On a High Note

30 06 2021

Melbourne, Australia

Housekeeping note: Prime time for me is about to start. Tomorrow evening, I hit the road for what will be the start of three months of constantly being on and off the road. So my discretionary time, which was already scant enough, will be virtually zero for the next three months. Which means for those of you who follow my social feeds, you won’t have much to follow for awhile. Just don’t think something bad has happened, unless something bad does happen, in which case you’ll eventually find out. I’m going to try to be at or close to home around the end of August to be there when my nephew arrives. If for no other reasons, I want to see my father-in-law come unhinged, and also I want to find out in short order how this name thing will turn out.

Now, onward and upward.

As many of you know, astronomy has been one of my nearly life long hobbies. So much so that, even during my cognitive purgatory when I couldn’t think about much, I still had enough ability to focus on the August 2017 eclipse, as I had been anticipating it for 29 years. And when I finally returned to cognitive coherence enough in mid-November of that year, and looked over the big news that accumulated while I couldn’t pay that much attention, there was quite a bit of astronomy news in that stack.

As you can see, one of the items was the first ever confirmation of two neutron stars colliding into each other.

Now, we’ve got confirmation of a black hole eating a neutron star.

Just to keep things simple, a neutron star is the last stop before black hole, when it comes to object density. And it’s the most dense thing that can be directly observed in some way, as (until two years ago) black holes were only inferred from mathematics.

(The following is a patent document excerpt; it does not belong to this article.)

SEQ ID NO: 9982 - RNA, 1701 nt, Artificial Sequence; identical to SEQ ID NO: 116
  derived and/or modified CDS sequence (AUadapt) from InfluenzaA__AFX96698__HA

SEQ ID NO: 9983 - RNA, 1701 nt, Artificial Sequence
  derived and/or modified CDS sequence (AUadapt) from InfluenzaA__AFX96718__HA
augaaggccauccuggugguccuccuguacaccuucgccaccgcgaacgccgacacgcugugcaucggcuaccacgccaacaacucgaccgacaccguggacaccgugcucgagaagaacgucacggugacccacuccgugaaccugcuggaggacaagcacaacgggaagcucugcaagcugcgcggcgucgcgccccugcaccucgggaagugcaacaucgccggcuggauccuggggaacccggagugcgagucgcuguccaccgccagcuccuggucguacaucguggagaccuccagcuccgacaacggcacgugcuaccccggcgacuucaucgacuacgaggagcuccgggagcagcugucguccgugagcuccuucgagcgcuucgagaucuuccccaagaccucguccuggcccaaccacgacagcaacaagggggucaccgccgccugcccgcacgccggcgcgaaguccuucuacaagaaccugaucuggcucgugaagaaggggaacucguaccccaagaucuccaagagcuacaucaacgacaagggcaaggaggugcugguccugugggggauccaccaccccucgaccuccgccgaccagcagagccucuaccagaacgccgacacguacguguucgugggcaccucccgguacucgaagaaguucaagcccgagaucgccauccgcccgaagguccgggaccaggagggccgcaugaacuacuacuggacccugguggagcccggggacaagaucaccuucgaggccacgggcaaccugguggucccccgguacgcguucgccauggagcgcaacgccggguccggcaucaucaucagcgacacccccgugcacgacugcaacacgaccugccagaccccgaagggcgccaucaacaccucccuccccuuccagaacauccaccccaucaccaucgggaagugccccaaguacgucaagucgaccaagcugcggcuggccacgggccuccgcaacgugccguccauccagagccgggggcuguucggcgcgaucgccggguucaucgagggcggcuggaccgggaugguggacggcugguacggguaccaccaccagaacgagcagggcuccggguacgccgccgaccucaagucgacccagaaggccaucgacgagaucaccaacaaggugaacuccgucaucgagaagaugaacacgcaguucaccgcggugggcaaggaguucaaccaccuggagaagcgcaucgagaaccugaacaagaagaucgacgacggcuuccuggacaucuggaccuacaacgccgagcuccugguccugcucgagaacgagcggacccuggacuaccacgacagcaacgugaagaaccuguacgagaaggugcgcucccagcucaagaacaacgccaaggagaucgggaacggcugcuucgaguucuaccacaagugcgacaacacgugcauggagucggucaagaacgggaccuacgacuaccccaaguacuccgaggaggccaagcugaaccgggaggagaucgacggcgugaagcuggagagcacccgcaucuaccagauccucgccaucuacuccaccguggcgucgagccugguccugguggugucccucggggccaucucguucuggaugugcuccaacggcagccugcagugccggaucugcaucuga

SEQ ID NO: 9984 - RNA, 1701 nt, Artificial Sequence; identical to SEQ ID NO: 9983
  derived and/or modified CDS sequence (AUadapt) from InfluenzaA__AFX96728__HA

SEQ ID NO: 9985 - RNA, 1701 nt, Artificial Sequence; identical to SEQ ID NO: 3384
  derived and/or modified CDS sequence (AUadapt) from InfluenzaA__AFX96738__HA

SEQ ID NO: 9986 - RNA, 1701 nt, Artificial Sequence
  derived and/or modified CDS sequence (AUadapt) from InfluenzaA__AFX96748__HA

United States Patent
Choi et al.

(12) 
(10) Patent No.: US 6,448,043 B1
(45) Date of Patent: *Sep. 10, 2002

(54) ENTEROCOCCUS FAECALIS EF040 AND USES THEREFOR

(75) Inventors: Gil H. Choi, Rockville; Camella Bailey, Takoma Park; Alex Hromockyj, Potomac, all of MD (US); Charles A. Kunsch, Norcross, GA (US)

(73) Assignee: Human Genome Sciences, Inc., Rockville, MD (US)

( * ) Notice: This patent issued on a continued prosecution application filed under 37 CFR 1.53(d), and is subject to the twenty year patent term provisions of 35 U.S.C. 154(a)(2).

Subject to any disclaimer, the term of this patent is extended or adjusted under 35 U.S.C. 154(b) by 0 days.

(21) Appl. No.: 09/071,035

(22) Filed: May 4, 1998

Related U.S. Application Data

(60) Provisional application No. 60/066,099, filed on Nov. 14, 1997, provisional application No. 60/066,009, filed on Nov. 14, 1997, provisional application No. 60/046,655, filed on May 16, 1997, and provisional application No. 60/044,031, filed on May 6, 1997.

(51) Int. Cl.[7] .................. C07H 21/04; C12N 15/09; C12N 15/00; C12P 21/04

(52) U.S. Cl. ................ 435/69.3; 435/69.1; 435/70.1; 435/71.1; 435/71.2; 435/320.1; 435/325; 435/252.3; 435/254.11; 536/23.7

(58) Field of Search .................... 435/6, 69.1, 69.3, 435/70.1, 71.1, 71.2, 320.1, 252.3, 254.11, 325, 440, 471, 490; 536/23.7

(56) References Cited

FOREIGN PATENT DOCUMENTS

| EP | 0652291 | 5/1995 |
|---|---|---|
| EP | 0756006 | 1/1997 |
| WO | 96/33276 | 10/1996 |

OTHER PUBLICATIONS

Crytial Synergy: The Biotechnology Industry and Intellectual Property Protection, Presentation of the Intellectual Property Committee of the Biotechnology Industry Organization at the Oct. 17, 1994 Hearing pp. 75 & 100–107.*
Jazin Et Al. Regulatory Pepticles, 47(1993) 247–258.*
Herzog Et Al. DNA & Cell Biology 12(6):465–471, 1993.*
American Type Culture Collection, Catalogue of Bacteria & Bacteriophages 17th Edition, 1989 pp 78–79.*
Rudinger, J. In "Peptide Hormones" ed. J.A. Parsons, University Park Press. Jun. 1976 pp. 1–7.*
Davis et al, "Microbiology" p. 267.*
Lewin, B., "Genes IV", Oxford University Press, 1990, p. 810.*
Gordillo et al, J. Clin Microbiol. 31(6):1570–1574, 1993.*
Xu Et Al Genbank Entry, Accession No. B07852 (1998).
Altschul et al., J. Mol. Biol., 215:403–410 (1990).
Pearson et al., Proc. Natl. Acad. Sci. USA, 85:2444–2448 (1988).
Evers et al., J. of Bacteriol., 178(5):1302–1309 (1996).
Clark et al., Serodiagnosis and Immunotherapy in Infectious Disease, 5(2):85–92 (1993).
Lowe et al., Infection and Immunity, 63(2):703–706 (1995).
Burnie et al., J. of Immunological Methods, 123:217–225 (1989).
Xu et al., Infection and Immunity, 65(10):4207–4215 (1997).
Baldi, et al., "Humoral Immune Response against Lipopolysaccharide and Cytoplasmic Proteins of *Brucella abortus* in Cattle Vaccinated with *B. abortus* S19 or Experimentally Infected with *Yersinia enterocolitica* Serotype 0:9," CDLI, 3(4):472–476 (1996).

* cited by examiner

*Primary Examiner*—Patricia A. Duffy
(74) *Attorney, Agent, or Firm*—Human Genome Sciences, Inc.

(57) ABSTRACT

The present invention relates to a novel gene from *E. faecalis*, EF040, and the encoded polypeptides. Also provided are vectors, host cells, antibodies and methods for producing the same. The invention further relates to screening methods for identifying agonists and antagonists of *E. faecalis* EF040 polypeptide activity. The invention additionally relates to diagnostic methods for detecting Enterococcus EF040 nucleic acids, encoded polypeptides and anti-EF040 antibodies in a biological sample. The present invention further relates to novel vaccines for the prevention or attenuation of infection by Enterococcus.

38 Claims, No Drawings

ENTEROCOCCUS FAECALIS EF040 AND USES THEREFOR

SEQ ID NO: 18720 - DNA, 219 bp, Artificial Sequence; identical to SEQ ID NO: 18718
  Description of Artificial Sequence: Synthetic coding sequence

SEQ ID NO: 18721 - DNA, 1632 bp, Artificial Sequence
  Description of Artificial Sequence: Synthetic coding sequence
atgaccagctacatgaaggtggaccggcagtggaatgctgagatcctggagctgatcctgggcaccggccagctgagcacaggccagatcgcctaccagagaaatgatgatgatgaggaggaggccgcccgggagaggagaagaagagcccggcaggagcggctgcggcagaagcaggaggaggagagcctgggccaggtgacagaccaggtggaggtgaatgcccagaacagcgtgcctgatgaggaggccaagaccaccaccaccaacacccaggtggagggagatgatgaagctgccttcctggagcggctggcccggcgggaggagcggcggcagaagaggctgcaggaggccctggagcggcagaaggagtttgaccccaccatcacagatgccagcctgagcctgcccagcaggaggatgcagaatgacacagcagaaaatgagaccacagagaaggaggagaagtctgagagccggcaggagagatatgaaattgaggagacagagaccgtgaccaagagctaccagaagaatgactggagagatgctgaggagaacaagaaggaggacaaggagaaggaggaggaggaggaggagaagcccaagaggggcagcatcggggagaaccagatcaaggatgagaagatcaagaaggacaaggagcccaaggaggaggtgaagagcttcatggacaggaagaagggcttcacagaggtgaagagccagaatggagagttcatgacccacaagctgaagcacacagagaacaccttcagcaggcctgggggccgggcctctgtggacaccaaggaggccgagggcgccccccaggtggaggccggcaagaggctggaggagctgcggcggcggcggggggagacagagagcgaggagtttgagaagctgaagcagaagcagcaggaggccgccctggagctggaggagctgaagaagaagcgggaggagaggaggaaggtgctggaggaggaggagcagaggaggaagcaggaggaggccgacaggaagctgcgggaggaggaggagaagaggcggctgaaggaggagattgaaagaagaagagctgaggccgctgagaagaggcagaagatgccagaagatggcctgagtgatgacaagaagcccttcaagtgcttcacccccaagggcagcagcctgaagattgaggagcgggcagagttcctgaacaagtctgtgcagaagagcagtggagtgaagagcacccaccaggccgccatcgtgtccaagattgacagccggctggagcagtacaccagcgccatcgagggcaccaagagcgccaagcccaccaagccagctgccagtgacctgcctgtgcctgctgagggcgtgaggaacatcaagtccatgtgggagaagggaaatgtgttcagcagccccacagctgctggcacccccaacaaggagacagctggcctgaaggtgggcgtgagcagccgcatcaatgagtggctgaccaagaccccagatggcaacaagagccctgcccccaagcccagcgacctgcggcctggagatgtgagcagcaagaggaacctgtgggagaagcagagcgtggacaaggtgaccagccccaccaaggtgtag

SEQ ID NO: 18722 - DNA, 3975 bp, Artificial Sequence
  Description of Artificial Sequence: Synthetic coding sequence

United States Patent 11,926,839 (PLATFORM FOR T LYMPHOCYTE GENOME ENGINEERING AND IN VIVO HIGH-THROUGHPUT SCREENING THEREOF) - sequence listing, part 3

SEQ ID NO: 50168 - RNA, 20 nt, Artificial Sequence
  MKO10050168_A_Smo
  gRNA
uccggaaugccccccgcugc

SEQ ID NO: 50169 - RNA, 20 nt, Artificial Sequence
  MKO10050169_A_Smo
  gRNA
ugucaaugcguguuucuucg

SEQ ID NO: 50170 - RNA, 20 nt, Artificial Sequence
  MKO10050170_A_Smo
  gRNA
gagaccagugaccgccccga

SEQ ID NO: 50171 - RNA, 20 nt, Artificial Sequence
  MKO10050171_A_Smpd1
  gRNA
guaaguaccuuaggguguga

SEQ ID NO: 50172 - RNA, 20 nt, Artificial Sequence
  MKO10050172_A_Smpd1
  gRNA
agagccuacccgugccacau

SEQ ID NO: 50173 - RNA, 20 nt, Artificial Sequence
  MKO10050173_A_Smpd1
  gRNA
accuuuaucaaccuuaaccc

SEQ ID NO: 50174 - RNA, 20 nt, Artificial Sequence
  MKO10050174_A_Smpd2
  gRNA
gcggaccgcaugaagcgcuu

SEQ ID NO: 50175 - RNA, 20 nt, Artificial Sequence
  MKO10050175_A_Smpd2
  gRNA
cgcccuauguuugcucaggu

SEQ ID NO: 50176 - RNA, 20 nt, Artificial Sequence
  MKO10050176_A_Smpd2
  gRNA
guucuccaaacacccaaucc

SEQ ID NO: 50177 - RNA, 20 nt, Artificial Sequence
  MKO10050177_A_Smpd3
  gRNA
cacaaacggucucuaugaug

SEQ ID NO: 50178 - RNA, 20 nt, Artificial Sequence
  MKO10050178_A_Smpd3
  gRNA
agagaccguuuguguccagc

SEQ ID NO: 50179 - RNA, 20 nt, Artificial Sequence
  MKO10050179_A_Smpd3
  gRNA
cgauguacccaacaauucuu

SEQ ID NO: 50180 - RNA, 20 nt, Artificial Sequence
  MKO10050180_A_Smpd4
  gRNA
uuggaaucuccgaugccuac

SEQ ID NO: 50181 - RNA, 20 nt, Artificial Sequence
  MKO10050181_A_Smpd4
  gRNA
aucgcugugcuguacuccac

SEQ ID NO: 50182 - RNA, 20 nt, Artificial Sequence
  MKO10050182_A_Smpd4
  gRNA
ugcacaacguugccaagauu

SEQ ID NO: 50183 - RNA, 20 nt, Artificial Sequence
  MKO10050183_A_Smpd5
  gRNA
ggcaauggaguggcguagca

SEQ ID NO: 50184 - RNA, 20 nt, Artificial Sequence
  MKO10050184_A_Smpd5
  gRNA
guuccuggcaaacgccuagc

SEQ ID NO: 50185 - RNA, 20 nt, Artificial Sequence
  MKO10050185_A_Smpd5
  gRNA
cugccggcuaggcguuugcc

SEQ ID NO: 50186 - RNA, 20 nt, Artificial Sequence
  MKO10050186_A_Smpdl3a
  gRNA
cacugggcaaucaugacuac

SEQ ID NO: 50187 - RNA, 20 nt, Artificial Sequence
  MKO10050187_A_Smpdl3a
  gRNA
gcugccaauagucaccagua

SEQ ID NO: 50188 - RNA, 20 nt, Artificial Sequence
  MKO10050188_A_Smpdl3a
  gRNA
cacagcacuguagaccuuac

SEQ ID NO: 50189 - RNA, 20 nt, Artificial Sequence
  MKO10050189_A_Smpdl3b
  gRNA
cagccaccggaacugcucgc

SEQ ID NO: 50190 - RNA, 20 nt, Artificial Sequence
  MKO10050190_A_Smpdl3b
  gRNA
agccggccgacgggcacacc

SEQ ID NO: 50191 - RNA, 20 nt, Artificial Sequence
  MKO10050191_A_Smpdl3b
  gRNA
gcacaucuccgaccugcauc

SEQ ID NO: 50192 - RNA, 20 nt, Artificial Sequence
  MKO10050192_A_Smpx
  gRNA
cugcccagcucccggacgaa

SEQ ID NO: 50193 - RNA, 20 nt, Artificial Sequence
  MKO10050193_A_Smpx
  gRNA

Just as the observational data from the two colliding neutron stars will keep astrophysicists busy for years, so too will this two-for-one deal of black holes and neutron stars colliding. Let a thousand dissertations bloom.

Maybe I should have entitled this post “On a Dense Note.”



5 responses

30 06 2021
Behind Enemy Lines

Dateline Melbourne – is that where you are, for now?

30 06 2021

The university on the masthead of the research is in Melbourne. Monash University. My only trip outside of Germany so far this year has been one fruitless waste of time, money and gas trip to Paris.

30 06 2021
Behind Enemy Lines

Yes, there for a moment I thought there must’ve been a very big surprise.

30 06 2021

2021 is already half over.

Last year at this time, we were getting ready to depart on our honeymoon. This year at this time, I’m getting ready for travel of a more mundane variety. I wrote at the beginning of this year that I was anticipating 2021 to be the year reality reasserted itself, and now that it’s halfway done, it certainly has. And, as you know, it didn’t take long after the start of 2021 for reality to reassert itself in a big way.

30 06 2021

One amendment I can make from the old post of mine: Highly unlikely I’ll be able to see the April 2024 reprise. The next two totals from this continent will be August 2026 and August 2027, the first best visible from northern Spain and southern France, and the second from far southern Spain.

It's your dime, spill it. And also...NO TROLLS ALLOWED~!

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